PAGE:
Like an asshole, I tried to do comics the way Denys, Walt, Howard and Frank did. I was too stupid to listen to Howard Chaykin when he told me, “Do what you do, the industry is changing and you can bring something new to it.’

Some of the best advice I’ve ever been given. It’s right up there with, put your hands on the wheel and answer in a civil tone of voice, “Yes officer, whatever you say officer.”

I wish I was joking about the cop advice, but I assure you I’m not.

I did not listen to Howard. Years later Mike Gold told me the same thing after I delivered a Wasteland story, which was not my finest hour. I didn’t think he would but Mike gave me another Wasteland story and said, “Do this like any other illustration assignment.” The story was about South Africa and I nailed that mother.

Of all the high profile regular illustrations gigs I was doing (Newsweek, NBC, etc.) the assignment I was the most excited about was Epic. It was a six-page story I was writing and drawing and taking forever to do because I wanted to do it like “regular” comics artists did. Could not do it then, can’t do it now.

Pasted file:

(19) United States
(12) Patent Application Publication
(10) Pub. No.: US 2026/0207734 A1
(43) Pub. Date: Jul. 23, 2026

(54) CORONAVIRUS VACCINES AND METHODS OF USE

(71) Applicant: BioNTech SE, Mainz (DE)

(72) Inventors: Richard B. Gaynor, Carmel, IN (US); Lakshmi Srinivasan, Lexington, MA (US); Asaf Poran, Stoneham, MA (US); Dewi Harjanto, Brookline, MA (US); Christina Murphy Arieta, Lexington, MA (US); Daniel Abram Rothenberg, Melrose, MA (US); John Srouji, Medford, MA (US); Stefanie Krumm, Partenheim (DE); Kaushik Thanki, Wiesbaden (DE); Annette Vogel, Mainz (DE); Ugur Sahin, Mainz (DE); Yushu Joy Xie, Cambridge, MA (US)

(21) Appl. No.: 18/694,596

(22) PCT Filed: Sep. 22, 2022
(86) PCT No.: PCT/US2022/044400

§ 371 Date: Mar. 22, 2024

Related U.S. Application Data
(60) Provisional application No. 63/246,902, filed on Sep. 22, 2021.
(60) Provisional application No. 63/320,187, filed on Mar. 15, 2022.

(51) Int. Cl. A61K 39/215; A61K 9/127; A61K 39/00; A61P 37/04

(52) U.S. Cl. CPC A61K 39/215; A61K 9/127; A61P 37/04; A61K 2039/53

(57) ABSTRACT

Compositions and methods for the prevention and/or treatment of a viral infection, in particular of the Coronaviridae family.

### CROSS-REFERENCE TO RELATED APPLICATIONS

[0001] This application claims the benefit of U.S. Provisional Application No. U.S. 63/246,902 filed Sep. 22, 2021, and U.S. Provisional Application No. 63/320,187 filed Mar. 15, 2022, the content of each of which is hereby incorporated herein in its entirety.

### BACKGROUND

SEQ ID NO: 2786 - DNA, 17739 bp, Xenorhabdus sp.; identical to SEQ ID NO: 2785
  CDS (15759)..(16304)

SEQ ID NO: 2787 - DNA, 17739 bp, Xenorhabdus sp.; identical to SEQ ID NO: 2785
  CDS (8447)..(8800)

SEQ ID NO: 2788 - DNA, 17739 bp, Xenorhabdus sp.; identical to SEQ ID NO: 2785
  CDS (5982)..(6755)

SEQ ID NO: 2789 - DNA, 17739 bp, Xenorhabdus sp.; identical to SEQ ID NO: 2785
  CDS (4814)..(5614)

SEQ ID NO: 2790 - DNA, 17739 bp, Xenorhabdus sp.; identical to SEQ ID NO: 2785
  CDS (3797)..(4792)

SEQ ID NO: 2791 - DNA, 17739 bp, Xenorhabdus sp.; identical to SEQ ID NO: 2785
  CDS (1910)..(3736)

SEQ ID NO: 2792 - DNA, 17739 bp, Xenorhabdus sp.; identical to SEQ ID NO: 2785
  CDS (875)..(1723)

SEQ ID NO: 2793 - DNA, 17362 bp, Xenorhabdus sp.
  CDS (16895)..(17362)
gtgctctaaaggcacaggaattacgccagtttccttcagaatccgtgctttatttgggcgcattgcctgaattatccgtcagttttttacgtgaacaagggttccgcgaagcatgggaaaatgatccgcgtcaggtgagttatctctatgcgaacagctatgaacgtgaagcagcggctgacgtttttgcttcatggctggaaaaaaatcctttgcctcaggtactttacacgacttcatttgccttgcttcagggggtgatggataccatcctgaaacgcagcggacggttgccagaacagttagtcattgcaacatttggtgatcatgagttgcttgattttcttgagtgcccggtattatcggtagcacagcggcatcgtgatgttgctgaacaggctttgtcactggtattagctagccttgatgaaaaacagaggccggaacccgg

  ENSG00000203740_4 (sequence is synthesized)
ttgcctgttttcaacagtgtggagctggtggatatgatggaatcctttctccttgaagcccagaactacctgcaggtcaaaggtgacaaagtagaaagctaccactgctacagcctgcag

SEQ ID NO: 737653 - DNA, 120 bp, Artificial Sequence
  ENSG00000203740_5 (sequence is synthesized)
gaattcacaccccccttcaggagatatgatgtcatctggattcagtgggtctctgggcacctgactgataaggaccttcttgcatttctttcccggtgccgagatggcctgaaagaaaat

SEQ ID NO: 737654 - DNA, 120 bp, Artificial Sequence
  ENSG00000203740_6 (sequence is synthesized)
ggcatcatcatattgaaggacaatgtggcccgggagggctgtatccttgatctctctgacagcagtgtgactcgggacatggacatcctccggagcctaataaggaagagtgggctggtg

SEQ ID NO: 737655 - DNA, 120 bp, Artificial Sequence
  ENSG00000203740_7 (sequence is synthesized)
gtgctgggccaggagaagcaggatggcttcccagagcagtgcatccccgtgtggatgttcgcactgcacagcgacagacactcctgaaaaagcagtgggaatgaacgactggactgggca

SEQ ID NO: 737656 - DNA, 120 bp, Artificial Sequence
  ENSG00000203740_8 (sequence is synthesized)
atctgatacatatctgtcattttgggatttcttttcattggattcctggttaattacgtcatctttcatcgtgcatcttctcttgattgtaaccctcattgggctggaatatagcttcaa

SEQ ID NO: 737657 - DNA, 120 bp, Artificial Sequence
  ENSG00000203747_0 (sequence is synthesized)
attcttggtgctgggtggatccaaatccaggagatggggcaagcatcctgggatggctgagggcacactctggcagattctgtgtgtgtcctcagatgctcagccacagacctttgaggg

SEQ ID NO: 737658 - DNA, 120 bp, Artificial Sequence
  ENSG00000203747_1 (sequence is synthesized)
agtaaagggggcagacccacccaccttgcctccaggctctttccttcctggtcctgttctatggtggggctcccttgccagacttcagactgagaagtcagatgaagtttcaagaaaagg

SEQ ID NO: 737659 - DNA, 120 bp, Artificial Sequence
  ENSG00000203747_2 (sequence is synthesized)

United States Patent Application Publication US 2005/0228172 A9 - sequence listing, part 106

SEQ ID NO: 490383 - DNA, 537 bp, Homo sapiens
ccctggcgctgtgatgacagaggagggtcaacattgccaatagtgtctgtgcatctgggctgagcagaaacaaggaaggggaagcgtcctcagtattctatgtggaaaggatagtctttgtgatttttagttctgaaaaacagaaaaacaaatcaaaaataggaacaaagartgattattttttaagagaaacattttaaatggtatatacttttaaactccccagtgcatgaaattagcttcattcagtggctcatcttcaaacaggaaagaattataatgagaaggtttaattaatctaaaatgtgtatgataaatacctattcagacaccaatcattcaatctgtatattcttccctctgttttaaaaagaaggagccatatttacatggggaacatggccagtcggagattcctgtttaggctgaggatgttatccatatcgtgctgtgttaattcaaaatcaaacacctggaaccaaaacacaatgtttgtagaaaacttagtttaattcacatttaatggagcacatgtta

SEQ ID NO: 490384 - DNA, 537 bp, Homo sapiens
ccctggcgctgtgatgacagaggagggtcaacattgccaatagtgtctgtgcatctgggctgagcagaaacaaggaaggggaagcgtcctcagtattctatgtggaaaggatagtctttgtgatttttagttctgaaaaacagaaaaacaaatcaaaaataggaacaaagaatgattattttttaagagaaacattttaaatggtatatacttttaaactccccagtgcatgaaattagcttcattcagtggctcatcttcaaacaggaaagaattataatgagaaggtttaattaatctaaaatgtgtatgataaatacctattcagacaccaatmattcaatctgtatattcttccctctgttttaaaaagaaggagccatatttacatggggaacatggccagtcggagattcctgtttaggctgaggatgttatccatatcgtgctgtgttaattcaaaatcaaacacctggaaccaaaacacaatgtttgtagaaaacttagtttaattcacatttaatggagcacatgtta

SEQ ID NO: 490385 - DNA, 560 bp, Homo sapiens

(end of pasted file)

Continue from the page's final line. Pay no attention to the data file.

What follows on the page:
Long story short, I will never forget those late night talks with Howard, Bill, Frank, Jim, Al and Denys. It was indeed the second silver age but for me it will always be my golden age.

Bill and his little helpers. Somehow that does not brother me anymore.

Yeah, I know this is pretty damn sappy.

That’s OK. Sap is the new black.


MICHAEL DAVIS: The Great Pretenders

For over a decade I’ve been hosting The Black Panel at various venues around the country. The panel has its roots in the Milestone Media panels I once hosted at different comic book conventions in the nineties. I created The Black Panel as a forum to discuss African American pop culture from the inside with the aim of helping more people get inside.

The Black Panel is, I’m proud to say, a mainstay at the San Diego Comic Con International. A reviewer recently called it a “Comic Con institution.”

High praise indeed and I was felling pretty good about the panel after yet another standing room only presentation this past year. However, after a recent conversation with Denys Cowan, I’m asking myself some pretty serious questions. Full discloser: Denys is not only one of the greatest and most original artists to ever work in comics, he’s also my best friend. He also worships Satan and has a $ 10,000.00 a day crack habit.